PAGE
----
First look at new ambulances to hit the roads next year
- Credit: East of England Ambulance Service
Specially-designed ambulances giving patients a smoother journey while improving the working environment for crews are to be rolled out across the region.
The East of England Ambulance Service NHS Trust (EEAST) is investing nearly £6m in 55 bespoke vehicles which will be phased in from the spring.
It has benchmarked the new design against the latest principles for safety, ergonomics and clinical practice after reviewing best practise from other services internationally.
The new vehicles could save EEAST around £3.3m a year when all existing ambulances have been replaced.
Developed over the past 18 months following extensive consultation with staff, trade unions, patients and carer groups, the ambulances have been designed to make transfers smoother and more comfortable. Automatic self-loading stretchers will be installed so staff no longer need to push patients up a ramp or onto a tail lift into the vehicle, reducing the chances of musculoskeletal problems while also improving the patient experience.
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The design includes a camera and intercom system so the clinician with the patient in the back can communicate with their colleague in the cab, and the internal layout will make equipment easy to access in any clinical situation. Electronic checklists will also be used to monitor stock and ensure each ambulance carries the correct supplies, saving crews from verifying items manually.
The vehicles will be as low to the ground as possible to make them easier for those with mobility problems to access, and will use contrasting colours to define different surfaces and levels to make them safer for anyone with dementia.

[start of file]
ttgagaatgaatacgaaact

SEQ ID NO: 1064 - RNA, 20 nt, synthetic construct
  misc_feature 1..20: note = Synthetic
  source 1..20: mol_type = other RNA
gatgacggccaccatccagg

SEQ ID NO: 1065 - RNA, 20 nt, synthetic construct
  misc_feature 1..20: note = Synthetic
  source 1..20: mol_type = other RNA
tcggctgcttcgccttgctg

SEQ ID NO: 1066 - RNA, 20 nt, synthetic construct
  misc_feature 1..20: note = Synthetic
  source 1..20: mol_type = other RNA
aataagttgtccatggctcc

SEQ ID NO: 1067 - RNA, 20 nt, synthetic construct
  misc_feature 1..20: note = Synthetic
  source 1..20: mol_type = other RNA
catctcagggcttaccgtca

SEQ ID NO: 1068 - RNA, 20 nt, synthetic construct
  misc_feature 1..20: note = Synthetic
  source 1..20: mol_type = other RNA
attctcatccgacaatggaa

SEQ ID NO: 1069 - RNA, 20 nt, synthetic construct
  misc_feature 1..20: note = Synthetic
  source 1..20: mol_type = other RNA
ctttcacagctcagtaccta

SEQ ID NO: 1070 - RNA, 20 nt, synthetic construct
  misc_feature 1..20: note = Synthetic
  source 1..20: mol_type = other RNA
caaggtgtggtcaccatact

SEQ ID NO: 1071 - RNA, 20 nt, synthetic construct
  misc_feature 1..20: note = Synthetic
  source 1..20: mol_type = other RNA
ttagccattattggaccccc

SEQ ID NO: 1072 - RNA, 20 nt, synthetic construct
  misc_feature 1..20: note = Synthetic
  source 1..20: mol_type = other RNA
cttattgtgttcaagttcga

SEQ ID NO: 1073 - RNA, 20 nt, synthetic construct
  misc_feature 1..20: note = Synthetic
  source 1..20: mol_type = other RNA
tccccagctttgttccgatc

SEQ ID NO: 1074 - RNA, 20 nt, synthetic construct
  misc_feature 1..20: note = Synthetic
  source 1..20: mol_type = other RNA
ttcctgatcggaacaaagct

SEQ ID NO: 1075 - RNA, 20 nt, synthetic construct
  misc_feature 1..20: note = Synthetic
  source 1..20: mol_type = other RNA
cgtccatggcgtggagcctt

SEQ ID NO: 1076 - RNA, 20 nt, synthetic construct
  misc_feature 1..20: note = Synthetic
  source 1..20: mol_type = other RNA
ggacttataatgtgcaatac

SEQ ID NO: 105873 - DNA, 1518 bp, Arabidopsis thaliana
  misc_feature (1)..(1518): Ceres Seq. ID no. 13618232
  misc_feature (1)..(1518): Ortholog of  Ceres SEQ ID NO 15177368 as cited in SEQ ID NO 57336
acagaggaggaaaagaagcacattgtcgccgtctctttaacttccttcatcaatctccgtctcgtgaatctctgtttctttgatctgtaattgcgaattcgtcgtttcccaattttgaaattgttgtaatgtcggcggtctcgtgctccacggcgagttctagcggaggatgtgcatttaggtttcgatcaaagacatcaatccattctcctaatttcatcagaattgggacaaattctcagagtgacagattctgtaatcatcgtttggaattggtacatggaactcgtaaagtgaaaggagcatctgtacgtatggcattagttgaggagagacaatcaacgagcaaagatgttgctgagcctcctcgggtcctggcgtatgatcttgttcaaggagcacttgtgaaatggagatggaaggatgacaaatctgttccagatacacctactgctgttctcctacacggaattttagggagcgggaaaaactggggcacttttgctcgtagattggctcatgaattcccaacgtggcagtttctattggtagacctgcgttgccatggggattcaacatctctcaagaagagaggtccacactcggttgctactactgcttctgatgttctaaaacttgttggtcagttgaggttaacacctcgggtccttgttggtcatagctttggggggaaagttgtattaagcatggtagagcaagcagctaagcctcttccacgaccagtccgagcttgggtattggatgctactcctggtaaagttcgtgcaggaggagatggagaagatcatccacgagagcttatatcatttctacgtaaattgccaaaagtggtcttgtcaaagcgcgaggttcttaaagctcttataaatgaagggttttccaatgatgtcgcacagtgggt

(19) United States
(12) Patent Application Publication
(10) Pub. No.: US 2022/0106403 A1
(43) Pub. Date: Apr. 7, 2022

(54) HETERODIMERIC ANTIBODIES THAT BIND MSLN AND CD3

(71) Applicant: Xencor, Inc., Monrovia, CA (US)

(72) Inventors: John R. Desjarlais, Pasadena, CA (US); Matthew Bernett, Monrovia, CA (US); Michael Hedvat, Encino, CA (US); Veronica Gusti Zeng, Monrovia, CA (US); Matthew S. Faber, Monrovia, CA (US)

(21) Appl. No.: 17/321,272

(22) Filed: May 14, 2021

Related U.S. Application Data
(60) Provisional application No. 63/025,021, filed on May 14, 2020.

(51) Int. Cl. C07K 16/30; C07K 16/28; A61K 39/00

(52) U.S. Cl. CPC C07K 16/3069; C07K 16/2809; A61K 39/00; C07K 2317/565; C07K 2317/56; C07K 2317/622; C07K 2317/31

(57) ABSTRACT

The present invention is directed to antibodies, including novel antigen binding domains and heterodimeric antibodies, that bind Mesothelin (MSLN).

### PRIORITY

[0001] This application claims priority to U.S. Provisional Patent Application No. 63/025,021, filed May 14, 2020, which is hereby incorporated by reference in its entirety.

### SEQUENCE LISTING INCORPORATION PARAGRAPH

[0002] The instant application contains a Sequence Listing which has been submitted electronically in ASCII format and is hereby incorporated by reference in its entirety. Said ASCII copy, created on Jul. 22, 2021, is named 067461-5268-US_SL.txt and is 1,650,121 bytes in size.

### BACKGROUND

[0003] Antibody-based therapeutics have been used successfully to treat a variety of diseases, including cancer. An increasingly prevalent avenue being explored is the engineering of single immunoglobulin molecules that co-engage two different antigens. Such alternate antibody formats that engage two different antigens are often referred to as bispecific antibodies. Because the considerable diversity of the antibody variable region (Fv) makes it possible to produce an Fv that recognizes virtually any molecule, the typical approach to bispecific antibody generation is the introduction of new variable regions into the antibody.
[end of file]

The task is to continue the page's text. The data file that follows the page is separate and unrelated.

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The ambulances are also significantly lighter than EEAST's existing vehicles, making them more efficient and environmentally-friendly to run as CO2 emissions, fuel costs, maintenance and wear on tyres will all be reduced.
Paul Henry, deputy director of operations support with EEAST, said: 'We are really proud of our new design, and more so the innovations that operational staff have identified which make these new ambulances better to operate and travel in, and more economic and environmentally sustainable to run than our existing fleet.
'We listened carefully to the views of our staff to make sure the working environment will better meet their needs while keeping them comfortable during a shift. We've also liaised closely with other stakeholders such as carers to ensure the design will improve the experience of our patients by making their journey as smooth as possible.
'We are looking forward to taking delivery of the first vehicles in 2019 and rolling them out further across the region over the coming years.'
The final design for the ambulance was chosen after EEAST developed four prototype vehicles and gave staff the chance to test them in a real working environment before feeding back their views.